Tag-Archive for ◊ Commonwealth Writers ◊

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• Sunday, June 17th, 2012

Lloyd Jones was born in Lower Hutt in the Wellington region of New Zealand in 1955. He studied at Hutt Valley High School and Victoria University in Wellington. In 2009 he received an honorary doctorate from Victoria University and has worked as a journalist and a consultant as well as a writer.

In 1989 he received the Meridian Energy Katherine Mansfield Memorial Fellowship, one of New Zealand’s long-standing and prestigious literary awards.

Lloyd Jones has written several novels, short stories, children’s books and non fiction. Mister Pip, which is part of post-colonial literature, was published in 2006. It is Lloyd Jones’ best-selling novel and the one that made him internationally known. It won the Commonwealth Writers’ Prize, Overall Winner, Best Book and was short-listed in 2007 for the Man Booker Prize for fiction. It also won the Kiriyama Prize and the Montana Medal for fiction the same year. It has been adapted into a feature film which will be released later in 2012. Lloyd Jones now lives in Wellington, New Zealand.

The story of Mister Pip has an historical background as it relates the 1990’s Bougainville blockade by Papua New Guinea, Bougainville being rich in copper. This was an event which led to a civil war covered by Lloyd Jones who was then a journalist.

The novel starts in the early 1990’s. The narrator is the thirteen-year-old black girl, Matilda Laimo, the main character in the novel, who lives with her devout mother Dolores in a shack in Bougainville, a small tropical island in the South Pacific and a province of Papua New Guinea. The island is torn by civil war between the befuddled rebel forces called the Rambos and the atrociously inhuman government soldiers, called the Redskins. Matilda’s father, who was out of a job due to the closing down of the copper mines, left the island a few years before the blockade like several natives. He was hired to work for a mining company in Townsville, Australia and his wife Dolores and daughter Matilda were hoping to join him later but were held back by the imposed blockade.

Matilda is a child lacking paternal presence and support in her teenage life. She has a difficult relationship with her mother whom she loves and feels loyal to despite being ashamed of her reasoning, behaviour and difficulty understanding simple things.

In order to escape the atrocious reality and the horror of war surrounding them, Matilda and the other children allow themselves to be transported by the novel, Great Expectations, into an imaginary Dickensian world of 19th century Victorian England. Thanks to Mr Watts’ astuteness in transmitting his great admiration for Charles Dickens to his pupils, he takes pleasure in reading them a chapter from this well known novel every day.

Matilda says: “He kept reading and we kept listening” and when “the flow of words had ended, slowly we stirred back into our bodies and our lives”. Mr Watts sums it all up in these few words: “A person entranced by a book simply forgets to breathe. The house can catch alight and a reader deep in a book will not look up until the wallpaper is in flames. For me, Matilda, Great Expectations is such a book”.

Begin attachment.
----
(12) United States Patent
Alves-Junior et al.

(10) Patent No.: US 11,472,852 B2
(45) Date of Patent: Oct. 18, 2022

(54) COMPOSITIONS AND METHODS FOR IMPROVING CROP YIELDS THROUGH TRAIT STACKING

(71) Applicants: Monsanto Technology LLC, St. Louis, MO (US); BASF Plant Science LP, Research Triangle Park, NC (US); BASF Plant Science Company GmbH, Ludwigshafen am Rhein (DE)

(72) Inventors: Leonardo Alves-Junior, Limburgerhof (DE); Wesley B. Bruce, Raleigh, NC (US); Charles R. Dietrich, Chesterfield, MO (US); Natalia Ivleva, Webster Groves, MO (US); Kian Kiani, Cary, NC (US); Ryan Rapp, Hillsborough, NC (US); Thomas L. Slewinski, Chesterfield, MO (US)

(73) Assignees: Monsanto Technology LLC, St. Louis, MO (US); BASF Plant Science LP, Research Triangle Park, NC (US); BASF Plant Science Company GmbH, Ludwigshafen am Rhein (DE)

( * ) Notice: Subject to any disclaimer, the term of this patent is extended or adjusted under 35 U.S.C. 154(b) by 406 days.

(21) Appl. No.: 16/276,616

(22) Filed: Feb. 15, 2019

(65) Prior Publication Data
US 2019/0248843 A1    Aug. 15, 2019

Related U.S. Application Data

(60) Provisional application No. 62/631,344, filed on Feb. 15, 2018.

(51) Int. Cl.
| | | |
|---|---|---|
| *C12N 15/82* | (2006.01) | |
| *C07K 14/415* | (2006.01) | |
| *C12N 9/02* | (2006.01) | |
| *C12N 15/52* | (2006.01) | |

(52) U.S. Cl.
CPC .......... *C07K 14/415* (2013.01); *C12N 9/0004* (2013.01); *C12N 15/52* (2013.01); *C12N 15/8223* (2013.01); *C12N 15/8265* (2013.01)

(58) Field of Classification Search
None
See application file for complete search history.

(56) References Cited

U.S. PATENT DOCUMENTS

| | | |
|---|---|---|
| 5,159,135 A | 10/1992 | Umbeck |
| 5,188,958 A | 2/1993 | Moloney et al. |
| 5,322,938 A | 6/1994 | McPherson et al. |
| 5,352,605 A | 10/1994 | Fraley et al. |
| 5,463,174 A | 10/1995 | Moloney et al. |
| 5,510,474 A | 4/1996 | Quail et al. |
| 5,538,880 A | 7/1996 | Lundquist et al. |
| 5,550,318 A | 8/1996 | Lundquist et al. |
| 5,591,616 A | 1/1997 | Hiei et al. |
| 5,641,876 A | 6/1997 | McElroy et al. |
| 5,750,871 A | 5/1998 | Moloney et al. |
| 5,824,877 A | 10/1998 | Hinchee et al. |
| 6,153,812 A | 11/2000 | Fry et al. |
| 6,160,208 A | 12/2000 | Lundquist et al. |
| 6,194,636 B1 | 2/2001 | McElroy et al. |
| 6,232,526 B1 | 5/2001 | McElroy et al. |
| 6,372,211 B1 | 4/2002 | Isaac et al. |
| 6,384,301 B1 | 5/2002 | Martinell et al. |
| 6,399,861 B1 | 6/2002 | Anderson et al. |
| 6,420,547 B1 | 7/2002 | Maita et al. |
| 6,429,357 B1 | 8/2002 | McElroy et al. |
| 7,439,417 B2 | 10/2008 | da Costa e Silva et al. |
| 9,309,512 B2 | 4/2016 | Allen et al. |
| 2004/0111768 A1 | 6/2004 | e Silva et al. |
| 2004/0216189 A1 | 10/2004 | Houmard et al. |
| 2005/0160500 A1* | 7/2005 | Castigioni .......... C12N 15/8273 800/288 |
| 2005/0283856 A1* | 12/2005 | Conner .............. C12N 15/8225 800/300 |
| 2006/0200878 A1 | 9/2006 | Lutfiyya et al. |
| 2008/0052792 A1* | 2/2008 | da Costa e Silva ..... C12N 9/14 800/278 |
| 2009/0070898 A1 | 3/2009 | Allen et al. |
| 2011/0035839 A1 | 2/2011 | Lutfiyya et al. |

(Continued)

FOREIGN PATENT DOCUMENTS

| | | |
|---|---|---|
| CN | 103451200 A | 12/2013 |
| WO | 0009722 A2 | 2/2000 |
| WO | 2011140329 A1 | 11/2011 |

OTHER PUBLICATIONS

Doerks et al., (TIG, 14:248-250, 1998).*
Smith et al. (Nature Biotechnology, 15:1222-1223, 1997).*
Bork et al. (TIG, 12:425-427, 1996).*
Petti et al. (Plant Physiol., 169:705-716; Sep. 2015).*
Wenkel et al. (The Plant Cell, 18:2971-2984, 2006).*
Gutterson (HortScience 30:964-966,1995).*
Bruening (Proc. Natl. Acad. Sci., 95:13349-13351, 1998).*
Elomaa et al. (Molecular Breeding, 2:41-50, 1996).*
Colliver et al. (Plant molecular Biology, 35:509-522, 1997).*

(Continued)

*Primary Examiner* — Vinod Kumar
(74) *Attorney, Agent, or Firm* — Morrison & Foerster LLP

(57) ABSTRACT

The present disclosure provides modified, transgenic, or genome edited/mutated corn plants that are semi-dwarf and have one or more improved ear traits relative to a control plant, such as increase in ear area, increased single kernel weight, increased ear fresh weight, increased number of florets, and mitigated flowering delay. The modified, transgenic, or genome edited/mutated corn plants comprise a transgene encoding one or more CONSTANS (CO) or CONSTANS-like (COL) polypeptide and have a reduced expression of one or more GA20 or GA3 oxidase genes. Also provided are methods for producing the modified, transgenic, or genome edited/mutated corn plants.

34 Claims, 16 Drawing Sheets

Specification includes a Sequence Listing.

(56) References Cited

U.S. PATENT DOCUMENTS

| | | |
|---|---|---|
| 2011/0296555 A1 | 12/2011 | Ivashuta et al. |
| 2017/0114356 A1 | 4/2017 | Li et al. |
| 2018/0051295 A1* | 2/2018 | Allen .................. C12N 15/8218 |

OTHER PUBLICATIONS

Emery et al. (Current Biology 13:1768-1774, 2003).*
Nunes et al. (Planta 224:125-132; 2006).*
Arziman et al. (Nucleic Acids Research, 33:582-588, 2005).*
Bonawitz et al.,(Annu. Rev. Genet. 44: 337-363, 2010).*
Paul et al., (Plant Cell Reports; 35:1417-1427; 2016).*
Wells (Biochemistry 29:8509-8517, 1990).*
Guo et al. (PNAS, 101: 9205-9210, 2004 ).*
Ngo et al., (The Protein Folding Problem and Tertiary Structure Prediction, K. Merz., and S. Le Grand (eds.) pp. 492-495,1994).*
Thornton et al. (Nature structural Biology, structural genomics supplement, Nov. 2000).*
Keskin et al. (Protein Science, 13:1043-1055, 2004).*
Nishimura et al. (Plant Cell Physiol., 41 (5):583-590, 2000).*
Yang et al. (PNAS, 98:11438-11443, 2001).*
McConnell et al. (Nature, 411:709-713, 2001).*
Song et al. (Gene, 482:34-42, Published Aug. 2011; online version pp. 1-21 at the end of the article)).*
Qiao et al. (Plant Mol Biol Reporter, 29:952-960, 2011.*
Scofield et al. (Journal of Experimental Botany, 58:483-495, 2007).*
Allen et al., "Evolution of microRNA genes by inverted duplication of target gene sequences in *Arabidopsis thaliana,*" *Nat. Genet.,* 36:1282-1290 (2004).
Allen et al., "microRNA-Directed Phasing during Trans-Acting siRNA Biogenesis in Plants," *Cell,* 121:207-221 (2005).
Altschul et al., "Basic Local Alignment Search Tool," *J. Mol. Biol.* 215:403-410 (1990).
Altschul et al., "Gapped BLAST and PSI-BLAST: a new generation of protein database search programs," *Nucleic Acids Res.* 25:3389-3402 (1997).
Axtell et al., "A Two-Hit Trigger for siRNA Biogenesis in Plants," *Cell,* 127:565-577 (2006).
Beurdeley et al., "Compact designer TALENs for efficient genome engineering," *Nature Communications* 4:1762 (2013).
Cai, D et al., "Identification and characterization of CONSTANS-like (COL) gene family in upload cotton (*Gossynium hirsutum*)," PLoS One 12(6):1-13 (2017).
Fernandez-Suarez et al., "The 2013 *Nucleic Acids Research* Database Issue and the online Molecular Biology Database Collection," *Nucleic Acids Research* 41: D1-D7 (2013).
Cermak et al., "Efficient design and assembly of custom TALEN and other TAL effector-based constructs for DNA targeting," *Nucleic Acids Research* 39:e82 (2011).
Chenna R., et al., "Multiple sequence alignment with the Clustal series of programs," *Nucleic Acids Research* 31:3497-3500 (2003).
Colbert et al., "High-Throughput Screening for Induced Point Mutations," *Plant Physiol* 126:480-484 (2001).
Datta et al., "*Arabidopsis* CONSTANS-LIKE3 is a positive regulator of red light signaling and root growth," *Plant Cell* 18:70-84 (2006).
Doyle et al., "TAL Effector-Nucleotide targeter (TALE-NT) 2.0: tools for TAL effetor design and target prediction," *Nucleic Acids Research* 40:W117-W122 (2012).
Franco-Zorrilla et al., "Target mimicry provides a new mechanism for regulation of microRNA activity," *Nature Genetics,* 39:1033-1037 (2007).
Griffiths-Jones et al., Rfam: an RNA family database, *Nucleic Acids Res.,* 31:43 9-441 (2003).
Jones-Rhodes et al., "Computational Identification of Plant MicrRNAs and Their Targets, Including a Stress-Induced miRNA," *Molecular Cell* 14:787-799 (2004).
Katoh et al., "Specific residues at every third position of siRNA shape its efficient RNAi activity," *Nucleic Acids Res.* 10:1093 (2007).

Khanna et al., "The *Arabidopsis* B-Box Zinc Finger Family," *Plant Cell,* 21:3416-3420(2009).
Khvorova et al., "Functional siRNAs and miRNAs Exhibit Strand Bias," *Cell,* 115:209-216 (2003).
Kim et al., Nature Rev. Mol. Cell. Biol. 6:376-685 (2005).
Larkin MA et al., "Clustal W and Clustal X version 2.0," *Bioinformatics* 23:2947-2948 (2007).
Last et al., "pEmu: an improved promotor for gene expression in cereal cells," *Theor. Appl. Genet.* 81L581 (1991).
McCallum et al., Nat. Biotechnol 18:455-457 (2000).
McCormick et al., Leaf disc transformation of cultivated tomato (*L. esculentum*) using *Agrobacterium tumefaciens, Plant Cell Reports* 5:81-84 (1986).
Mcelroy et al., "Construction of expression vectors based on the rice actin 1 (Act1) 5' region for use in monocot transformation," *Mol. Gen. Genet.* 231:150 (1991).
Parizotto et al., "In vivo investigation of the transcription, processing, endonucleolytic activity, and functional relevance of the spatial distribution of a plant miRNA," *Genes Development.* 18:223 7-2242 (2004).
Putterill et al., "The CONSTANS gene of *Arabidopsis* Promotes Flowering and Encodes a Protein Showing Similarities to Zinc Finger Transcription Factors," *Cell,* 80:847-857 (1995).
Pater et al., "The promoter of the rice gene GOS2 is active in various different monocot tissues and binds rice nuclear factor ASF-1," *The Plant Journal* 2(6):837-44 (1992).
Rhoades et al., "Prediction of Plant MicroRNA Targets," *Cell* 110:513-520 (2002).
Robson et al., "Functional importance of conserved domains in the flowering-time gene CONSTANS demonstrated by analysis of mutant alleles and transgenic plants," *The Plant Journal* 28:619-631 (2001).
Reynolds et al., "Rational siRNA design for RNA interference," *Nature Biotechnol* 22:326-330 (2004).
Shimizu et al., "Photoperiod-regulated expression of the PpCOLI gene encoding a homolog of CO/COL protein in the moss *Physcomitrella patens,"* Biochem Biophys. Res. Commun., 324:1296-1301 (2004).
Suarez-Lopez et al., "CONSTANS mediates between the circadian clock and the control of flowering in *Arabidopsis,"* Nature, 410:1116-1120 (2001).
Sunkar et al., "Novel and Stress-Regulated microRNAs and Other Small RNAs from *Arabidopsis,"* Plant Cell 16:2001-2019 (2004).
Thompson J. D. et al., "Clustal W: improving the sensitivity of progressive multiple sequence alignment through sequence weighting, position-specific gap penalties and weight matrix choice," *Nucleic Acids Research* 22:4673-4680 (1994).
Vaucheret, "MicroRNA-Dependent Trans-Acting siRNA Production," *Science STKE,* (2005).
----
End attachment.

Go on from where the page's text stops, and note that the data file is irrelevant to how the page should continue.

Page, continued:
The children were mostly fascinated by the main character, the orphan teenager, Pip, whom they could relate to. Matilda was especially under Pip’s spell. She was writing his name in the sand and with shells on the beach. Little did she know at the time that her deed would provoke the savage butchering of Mr Watts, followed by her mother’s by the Redskins who thought that Pip was one of the rebels concealed by the natives. A gruesome tragedy to intensify the abhorrent deeds carried out during these civil wars. As Lloyd Jones says about the Bougainville blockade: “the most unspeakable things happened without once raising the ire of the outside world”. Starting from 1989 and for ten years, the island was completely cut off from the world.

The skinny, solitary, Mr Watts or Pop-Eye, as everybody calls him in the village because of his protruding eyes, “eyes that wanted to leave his face”, is the baffling, self proclaimed teacher. After all the teachers leave the island, he is the only white person who remains despite the civil war, because of his native black wife, Grace, whom he met in New Zealand while she was studying dentistry and followed her home. They both live in the old mission house. Mr Watts is from New Zealand and is a bizarre, elusive, mysterious person. Matilda says: “Mr Dickens was easier to understand than Mr Watts” who “was whatever he needed to be”, a teacher, a magician, a clown with a red nose and ends-up being a saviour for the community when the Redskins needed a scapegoat to slaughter and set as an example.

Later in the novel, Matilda reads Great Expectations and discovers that Mr Watts had read his own version of the novel, rather than reading the original text to the children. “His Pacific version of Great Expectations” as she calls it, or “Pip in the Pacific” as he had named it a few years earlier, proving his gift as a story teller. He shows this talent when he gathers the whole community to recount his own story and keep them all mesmerized by his recounting: “On hearing Mr Watts’ voice the creatures shut up as well. Even the trees listened. And the old women too and with the respect they once reserved for prayer… And the Rambos were as enthralled as the rest of us”.